- name: extract kibana tar file
 become: true
 unarchive: src=/tmp/kibana-{{ kibana_version }}-linux-x64.tar.gz dest=/opt/kibana copy=no
 tags: kibana

The next thing to do was to create a systemd service unit. There isn’t one for Kibana as there is no rpm package available. Usual templating applies here :

- name: install kibana as systemd service
 become: true
 template: src=kibana4.service.j2 dest=/etc/systemd/system/kibana4.service owner=root \
           group=root mode=0644
 notify:
 - restart kibana
 tags: kibana

And the service unit file looked like:

[ansible@ansible-host01 templates]$ cat kibana4.service.j2
{{ ansible_managed }}

[Service]
ExecStart=/opt/kibana/kibana-{{ kibana_version }}-linux-x64/bin/kibana
Restart=always
StandardOutput=syslog
StandardError=syslog
SyslogIdentifier=kibana4
User=root
Group=root
Environment=NODE_ENV=production

[Install]
WantedBy=multi-user.target

This all seemed to work as I could now access Kibana via my browser. No indexes yet of course :

kibana_initial_install

There are one or two plays I would like still like to document. Firstly, the ‘notify’ actions in some of the plays. These are used to call – in my case – the restart handlers. Which in turn causes the service in question to be restarted – see the next section :

# file: roles/kibana/handlers

- name: restart kibana
 become: true
 service: name=kibana state=restarted

I wanted to document this next feature simply because it’s so useful – tags. I have assigned a tag to every play/task in the playbook so far you will have noticed. For testing purposes they allow you to run specific plays. You can then troubleshoot just that particular play and see what’s going on.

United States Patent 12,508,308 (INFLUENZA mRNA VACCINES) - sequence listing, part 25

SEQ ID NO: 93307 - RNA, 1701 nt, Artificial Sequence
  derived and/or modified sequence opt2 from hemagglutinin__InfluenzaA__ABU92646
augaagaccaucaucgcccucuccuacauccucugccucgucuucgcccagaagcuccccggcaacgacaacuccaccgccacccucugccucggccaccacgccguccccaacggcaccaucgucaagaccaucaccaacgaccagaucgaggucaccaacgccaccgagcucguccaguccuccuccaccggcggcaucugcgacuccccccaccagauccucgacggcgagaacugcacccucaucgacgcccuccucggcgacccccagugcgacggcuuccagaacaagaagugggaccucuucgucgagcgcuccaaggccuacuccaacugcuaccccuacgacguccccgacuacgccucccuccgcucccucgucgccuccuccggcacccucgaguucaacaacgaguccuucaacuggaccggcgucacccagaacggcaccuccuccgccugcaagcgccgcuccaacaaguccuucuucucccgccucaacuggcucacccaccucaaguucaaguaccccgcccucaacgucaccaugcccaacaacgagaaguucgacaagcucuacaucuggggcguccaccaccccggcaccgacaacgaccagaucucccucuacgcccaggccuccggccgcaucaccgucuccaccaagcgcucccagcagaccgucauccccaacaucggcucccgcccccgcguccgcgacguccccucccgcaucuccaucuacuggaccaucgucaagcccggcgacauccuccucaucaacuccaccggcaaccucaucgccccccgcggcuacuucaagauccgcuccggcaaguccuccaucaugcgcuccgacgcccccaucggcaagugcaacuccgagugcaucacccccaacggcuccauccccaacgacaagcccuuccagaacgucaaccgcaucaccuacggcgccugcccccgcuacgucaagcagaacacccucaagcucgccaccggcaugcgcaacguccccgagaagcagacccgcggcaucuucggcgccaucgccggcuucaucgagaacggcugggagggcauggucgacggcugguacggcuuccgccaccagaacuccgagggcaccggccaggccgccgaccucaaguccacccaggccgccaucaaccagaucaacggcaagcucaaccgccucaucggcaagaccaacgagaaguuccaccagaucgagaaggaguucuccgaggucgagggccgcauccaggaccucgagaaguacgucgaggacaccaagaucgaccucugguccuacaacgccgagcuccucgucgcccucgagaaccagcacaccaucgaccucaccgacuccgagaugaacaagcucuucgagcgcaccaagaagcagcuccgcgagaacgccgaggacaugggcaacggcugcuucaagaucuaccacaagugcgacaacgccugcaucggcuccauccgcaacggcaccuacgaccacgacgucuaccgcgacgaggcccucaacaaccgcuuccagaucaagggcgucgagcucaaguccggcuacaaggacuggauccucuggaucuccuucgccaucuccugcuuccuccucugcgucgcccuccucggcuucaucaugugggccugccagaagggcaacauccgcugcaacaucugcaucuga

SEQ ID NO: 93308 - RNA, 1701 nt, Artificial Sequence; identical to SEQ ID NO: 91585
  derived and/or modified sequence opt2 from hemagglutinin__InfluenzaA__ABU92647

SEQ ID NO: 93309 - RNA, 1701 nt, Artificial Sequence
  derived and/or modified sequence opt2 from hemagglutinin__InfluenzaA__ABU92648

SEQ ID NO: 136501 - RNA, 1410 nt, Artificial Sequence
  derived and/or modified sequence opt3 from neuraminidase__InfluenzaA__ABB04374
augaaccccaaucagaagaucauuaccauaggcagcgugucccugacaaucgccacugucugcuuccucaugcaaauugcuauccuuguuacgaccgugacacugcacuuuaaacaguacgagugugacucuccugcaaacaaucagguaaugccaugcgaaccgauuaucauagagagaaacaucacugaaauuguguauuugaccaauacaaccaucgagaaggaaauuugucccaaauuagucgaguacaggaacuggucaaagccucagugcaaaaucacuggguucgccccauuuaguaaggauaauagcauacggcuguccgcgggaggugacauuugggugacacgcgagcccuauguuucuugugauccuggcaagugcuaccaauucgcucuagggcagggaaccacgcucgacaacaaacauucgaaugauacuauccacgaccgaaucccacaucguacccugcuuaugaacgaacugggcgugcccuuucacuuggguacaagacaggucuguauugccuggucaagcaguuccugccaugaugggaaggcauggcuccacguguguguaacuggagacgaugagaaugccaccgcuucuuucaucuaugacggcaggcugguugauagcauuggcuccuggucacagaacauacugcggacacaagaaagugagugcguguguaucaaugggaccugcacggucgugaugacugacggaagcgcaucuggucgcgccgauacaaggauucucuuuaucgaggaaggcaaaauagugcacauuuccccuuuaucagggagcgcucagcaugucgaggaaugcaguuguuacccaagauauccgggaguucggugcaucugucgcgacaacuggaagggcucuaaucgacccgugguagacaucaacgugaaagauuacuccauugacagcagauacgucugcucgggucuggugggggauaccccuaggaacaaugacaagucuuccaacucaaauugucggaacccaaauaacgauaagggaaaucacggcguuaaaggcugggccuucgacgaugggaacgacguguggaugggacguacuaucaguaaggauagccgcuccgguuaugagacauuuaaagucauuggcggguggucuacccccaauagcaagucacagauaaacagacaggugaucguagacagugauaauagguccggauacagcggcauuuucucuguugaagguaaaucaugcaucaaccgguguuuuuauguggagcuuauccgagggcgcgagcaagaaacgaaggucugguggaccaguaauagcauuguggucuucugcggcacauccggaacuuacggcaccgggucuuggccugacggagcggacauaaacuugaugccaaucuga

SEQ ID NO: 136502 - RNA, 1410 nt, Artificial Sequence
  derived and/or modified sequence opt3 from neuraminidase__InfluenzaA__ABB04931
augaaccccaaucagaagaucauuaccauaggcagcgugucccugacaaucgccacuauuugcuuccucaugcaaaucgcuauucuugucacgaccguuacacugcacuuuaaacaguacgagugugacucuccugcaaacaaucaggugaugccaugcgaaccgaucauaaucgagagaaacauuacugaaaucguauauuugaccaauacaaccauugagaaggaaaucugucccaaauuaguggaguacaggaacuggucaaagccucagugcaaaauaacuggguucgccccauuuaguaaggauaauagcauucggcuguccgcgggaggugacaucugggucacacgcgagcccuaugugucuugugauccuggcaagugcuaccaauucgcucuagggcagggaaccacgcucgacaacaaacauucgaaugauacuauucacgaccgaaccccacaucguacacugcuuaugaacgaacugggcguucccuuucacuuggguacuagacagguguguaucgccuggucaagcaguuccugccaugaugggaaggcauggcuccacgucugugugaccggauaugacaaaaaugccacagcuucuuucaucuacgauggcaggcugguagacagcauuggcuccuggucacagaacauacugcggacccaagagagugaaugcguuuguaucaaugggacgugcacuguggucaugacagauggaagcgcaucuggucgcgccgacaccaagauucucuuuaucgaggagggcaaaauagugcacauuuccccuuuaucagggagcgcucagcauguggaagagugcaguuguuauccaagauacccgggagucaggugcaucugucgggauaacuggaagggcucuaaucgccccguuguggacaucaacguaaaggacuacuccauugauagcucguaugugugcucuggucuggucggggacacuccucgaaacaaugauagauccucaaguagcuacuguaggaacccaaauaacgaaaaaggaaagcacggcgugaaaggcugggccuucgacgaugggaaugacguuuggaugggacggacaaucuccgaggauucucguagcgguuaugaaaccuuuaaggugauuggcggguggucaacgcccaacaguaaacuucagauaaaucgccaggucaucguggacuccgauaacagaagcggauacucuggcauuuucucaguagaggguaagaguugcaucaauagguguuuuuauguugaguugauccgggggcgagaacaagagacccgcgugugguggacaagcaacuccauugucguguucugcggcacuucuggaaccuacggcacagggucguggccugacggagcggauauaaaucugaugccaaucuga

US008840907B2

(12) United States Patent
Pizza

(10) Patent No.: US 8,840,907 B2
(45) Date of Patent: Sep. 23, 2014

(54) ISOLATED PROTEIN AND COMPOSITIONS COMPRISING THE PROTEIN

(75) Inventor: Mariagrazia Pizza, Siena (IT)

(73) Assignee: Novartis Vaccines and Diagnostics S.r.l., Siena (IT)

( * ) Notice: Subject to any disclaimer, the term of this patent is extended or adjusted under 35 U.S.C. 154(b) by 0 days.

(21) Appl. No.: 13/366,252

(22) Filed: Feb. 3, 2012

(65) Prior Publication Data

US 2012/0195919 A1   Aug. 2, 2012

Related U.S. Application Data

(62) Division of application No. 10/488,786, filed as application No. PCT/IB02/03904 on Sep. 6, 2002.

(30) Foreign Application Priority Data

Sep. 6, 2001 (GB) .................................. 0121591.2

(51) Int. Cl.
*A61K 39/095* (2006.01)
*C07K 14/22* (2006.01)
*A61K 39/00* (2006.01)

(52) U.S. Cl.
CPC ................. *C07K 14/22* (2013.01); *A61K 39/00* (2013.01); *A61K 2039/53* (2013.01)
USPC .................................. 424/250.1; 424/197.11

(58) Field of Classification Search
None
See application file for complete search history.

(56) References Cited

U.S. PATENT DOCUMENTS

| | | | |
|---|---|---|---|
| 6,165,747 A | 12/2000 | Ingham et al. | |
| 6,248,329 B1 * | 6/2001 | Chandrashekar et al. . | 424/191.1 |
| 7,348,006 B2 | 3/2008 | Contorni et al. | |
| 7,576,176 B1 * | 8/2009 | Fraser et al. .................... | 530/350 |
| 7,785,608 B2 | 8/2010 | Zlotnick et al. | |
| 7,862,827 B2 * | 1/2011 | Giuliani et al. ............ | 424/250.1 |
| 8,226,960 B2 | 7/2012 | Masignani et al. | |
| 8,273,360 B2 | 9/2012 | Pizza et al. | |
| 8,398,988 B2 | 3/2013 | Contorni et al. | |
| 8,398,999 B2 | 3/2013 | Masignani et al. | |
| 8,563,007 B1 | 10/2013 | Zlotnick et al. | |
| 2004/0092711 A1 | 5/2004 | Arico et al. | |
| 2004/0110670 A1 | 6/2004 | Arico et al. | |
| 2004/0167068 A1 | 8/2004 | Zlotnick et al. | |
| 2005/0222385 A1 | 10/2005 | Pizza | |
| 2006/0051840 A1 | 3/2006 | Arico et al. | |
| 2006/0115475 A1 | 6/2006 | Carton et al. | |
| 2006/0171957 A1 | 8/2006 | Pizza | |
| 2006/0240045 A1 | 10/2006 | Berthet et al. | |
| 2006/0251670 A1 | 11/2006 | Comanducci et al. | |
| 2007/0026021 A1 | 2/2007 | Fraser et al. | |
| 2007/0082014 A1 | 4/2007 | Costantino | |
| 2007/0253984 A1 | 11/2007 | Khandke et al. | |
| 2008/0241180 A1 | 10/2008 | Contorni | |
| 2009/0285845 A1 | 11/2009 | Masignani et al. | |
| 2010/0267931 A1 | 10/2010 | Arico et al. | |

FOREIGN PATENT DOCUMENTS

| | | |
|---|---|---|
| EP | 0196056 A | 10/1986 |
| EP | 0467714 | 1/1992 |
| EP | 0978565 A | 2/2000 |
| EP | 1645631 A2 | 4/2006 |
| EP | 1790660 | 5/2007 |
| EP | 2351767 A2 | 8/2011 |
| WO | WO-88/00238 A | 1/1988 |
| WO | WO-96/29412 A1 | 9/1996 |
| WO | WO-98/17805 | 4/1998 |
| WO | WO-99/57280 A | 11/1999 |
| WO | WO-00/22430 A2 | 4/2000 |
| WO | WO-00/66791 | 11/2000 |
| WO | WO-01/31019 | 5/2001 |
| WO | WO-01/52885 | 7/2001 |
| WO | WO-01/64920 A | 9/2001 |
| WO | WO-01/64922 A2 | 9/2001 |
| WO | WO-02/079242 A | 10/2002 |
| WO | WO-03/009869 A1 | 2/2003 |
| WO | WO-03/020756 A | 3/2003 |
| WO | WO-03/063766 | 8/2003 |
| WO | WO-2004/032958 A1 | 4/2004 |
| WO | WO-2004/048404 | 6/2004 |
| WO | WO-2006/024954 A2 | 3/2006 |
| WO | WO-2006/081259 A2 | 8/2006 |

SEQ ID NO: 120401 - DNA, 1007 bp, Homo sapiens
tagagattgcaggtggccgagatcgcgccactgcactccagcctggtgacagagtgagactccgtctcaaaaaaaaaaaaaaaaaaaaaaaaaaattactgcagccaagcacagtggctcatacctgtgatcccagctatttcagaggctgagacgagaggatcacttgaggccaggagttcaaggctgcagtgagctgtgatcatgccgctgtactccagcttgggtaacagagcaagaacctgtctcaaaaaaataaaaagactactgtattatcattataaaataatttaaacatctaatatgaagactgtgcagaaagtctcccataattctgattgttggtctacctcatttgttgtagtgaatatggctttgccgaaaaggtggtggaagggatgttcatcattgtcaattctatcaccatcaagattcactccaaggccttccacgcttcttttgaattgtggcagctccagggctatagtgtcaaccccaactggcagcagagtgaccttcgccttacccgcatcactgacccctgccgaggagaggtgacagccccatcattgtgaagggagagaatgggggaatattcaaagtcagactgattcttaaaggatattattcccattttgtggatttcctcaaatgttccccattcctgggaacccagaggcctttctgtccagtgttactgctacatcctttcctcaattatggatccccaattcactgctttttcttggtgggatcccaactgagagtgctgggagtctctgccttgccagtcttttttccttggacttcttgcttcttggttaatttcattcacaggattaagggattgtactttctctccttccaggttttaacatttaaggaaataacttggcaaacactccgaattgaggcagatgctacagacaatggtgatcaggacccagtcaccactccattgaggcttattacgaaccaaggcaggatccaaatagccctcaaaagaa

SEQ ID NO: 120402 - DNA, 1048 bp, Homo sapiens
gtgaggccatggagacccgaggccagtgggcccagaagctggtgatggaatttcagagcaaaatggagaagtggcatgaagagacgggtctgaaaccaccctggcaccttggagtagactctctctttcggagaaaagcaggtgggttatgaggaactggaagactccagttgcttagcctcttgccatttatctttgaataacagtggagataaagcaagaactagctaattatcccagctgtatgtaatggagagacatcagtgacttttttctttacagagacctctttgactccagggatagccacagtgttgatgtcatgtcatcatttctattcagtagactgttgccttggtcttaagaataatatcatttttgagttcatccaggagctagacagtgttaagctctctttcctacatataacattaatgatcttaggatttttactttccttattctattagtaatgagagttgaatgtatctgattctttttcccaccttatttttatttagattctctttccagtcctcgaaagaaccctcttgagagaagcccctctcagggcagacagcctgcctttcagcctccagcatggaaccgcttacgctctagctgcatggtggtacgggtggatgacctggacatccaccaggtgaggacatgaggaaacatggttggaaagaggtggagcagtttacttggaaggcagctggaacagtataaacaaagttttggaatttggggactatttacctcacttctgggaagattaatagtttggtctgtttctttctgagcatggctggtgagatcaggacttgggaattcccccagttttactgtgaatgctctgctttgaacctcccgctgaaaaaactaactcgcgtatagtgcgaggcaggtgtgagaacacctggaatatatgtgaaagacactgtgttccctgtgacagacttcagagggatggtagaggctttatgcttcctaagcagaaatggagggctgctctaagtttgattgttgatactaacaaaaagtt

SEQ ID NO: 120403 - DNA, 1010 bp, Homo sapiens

ansible-playbook -i ./production site.yml --tags "kibana" --ask-sudo-pass

Now that I have the basic plays to get my Elasticsearch and Kibana services up and running via Ansible, it’s time to start looking at Logstash. Next time I post on ELK type stuff, I will try to look at logging and search use cases. Once I crack how they work of course.

Using Ansible to deploy ELK stack on Nutanix

Just recently my colleague Andrew Nelson (@vmwnelson) posted an article on setting up Ansible on the Nutanix platform. I am also using Ansible to develop playbooks and the like to deploy the ELK stack components (Elasticsearch-Logstash-Kibana) on a block here at Nutanix. My initial aim is to setup a single index in an Elasticsearch (single node for now) cluster and use Logstash to pipe in data to be indexed. On top of that I intend to use Kibana and the Marvel plugin to measure at which point my index begins to struggle (based on stuff like OS level resource consumption, etc) as viewed from Marvel.